Not gonna lie, I was liking this chick. More important I thought I could get the truth out of her as long as she could cloak herself in he-said she-said deniability.
“Fine, let dispatch know I want to track her. I’ll take her out to lunch somewhere near her beat. As for this,” I took one last look around the room, noticing for the first time that Mrs. Song was probably pretty when all her guts were inside her. “A.P.S. will be in to do the forensics. No charge for the fine people of Boston. Part of our tax agreement with the mayor.”
Finny nodded. He’d been around long enough to know how hands washed one another. “What about my men?”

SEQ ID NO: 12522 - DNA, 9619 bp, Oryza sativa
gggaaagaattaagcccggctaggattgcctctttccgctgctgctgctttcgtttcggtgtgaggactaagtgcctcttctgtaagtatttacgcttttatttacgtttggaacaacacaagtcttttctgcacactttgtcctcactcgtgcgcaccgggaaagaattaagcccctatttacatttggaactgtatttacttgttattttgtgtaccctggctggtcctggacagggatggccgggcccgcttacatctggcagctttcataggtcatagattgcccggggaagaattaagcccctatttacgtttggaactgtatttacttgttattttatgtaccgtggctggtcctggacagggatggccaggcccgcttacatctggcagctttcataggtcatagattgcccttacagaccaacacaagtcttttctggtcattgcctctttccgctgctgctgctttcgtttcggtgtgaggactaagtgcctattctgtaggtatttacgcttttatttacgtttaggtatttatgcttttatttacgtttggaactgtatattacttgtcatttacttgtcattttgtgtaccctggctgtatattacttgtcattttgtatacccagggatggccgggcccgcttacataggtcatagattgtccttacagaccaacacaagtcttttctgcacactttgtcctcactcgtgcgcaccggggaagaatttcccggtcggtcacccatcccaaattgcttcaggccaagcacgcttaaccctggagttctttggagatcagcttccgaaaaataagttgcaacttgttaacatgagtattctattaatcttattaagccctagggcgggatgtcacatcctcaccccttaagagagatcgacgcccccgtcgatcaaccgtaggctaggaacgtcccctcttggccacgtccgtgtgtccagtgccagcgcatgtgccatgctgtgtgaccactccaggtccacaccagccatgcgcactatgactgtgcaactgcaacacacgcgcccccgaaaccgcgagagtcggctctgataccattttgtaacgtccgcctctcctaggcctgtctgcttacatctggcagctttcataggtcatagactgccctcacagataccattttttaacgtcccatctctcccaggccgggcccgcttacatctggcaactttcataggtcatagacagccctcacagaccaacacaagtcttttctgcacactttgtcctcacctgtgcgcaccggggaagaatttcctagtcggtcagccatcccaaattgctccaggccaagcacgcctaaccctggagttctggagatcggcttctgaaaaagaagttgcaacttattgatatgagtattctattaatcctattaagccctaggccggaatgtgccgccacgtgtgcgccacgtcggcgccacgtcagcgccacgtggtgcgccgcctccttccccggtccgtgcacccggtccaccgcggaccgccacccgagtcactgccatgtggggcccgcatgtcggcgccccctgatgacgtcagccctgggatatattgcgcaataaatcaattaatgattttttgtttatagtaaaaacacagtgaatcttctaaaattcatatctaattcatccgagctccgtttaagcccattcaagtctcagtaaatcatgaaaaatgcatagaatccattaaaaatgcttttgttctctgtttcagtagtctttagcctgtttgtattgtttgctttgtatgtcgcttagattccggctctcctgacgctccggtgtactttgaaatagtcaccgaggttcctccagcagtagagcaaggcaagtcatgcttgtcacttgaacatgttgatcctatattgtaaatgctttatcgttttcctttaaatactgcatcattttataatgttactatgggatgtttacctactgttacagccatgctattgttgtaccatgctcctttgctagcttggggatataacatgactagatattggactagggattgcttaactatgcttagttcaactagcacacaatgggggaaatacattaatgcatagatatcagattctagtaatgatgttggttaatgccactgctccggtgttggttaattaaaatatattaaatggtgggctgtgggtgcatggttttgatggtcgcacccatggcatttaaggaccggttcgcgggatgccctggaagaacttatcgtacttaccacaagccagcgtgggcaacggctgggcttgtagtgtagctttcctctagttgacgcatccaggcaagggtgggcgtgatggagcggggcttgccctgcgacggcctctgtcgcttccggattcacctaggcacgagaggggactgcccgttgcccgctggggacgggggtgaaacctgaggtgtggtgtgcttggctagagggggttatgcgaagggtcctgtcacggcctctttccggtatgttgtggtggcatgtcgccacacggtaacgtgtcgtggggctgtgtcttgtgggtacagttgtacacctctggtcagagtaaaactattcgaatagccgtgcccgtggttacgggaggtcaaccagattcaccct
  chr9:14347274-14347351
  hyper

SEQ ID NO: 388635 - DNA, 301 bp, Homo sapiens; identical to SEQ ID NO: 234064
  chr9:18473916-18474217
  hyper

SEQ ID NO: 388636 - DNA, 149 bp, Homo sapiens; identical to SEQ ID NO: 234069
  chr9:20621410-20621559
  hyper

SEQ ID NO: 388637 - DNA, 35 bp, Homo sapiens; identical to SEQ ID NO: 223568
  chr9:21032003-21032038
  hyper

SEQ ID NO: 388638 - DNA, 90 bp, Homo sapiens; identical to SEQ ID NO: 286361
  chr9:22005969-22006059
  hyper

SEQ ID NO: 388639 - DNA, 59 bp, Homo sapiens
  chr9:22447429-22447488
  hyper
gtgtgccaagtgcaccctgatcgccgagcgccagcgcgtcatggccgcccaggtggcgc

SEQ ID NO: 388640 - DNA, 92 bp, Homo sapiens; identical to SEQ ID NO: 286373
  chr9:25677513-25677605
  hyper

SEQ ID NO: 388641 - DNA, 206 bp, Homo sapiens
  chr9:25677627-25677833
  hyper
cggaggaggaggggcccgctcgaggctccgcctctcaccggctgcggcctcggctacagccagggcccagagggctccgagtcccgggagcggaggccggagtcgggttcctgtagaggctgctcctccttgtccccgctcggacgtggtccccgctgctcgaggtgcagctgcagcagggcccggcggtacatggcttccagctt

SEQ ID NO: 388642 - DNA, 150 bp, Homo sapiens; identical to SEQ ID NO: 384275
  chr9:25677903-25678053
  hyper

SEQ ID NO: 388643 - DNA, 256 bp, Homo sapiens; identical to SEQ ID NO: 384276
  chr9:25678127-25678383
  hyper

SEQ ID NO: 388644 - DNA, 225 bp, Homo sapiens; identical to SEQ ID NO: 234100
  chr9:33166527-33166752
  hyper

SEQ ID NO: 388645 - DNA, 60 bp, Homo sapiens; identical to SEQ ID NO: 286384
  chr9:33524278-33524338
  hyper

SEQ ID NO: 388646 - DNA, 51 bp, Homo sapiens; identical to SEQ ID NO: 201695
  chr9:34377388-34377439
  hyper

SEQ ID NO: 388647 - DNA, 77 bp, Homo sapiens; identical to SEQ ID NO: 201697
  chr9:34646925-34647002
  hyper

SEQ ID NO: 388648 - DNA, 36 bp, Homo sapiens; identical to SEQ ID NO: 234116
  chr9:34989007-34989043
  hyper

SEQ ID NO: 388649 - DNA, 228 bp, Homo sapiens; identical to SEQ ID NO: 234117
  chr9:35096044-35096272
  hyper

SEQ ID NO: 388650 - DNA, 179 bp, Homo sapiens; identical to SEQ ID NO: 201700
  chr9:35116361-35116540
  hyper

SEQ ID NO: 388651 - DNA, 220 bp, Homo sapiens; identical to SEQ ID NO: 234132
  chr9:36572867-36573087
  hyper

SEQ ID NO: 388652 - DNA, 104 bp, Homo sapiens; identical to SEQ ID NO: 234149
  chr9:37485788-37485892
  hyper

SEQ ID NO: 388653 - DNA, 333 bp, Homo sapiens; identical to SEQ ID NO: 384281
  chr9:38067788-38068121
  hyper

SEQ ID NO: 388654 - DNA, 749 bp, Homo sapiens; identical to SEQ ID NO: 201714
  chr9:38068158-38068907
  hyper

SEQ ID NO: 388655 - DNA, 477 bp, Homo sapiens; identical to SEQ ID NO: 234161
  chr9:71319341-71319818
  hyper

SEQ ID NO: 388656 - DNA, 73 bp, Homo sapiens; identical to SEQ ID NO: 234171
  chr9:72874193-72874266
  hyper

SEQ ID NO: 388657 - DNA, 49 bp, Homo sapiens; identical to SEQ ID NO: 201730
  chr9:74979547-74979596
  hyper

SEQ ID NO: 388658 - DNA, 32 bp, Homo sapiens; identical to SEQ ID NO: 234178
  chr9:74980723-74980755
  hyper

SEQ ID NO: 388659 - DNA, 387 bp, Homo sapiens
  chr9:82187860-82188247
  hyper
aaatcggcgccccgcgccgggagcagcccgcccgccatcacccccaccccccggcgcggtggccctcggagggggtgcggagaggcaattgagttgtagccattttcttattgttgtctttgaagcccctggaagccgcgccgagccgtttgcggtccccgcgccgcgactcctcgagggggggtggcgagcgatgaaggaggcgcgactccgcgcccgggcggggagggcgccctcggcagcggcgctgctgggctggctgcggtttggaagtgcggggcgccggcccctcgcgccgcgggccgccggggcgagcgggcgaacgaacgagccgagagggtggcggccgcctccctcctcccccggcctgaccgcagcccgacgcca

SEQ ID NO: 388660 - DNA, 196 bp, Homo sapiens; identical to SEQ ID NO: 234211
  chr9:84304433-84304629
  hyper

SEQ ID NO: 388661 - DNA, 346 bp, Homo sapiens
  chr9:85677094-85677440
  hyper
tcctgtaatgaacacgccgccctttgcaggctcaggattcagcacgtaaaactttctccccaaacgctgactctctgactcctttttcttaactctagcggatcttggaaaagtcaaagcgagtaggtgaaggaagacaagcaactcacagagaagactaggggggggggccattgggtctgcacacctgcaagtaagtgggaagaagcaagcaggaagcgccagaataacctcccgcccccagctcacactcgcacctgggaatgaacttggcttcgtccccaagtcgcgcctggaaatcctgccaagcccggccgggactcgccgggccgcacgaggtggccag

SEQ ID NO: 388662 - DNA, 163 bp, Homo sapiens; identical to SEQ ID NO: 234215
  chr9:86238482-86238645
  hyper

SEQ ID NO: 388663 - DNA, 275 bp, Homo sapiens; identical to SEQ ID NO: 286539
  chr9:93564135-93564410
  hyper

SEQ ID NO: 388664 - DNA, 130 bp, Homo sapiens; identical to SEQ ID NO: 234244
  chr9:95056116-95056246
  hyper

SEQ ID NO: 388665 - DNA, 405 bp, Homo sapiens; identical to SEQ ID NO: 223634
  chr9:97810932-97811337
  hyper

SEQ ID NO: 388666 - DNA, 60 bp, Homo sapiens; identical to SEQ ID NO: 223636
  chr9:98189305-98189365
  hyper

“Secure the scene and don’t let anyone else in. Oh, except that city inspector; I don’t want the wall coming down on anyone. Just make sure he doesn’t disturb anything or puke on the late Mrs. Song here.”
As I expected, Officer Wächter did not appreciate me taking her away from her duties. She told me as much when I informed her who I was and that I needed to ask her some questions about what happened. She told me forcefully to leave, using a phrase that is not suitable for polite discourse.
She was not the first Hispanic chick to give me that directive, but to my knowledge she was the first that said it while brandishing a badge. Still, I got her to talk to me in the street.
“I’m not talking to any investigator without my lawyer. Union rep told me that was my right.”
“Why do you think you need a lawyer?”
She rolled her eyes so hard I thought mine were going to get dizzy. “You don’t really think I’m dumb enough to answer that.”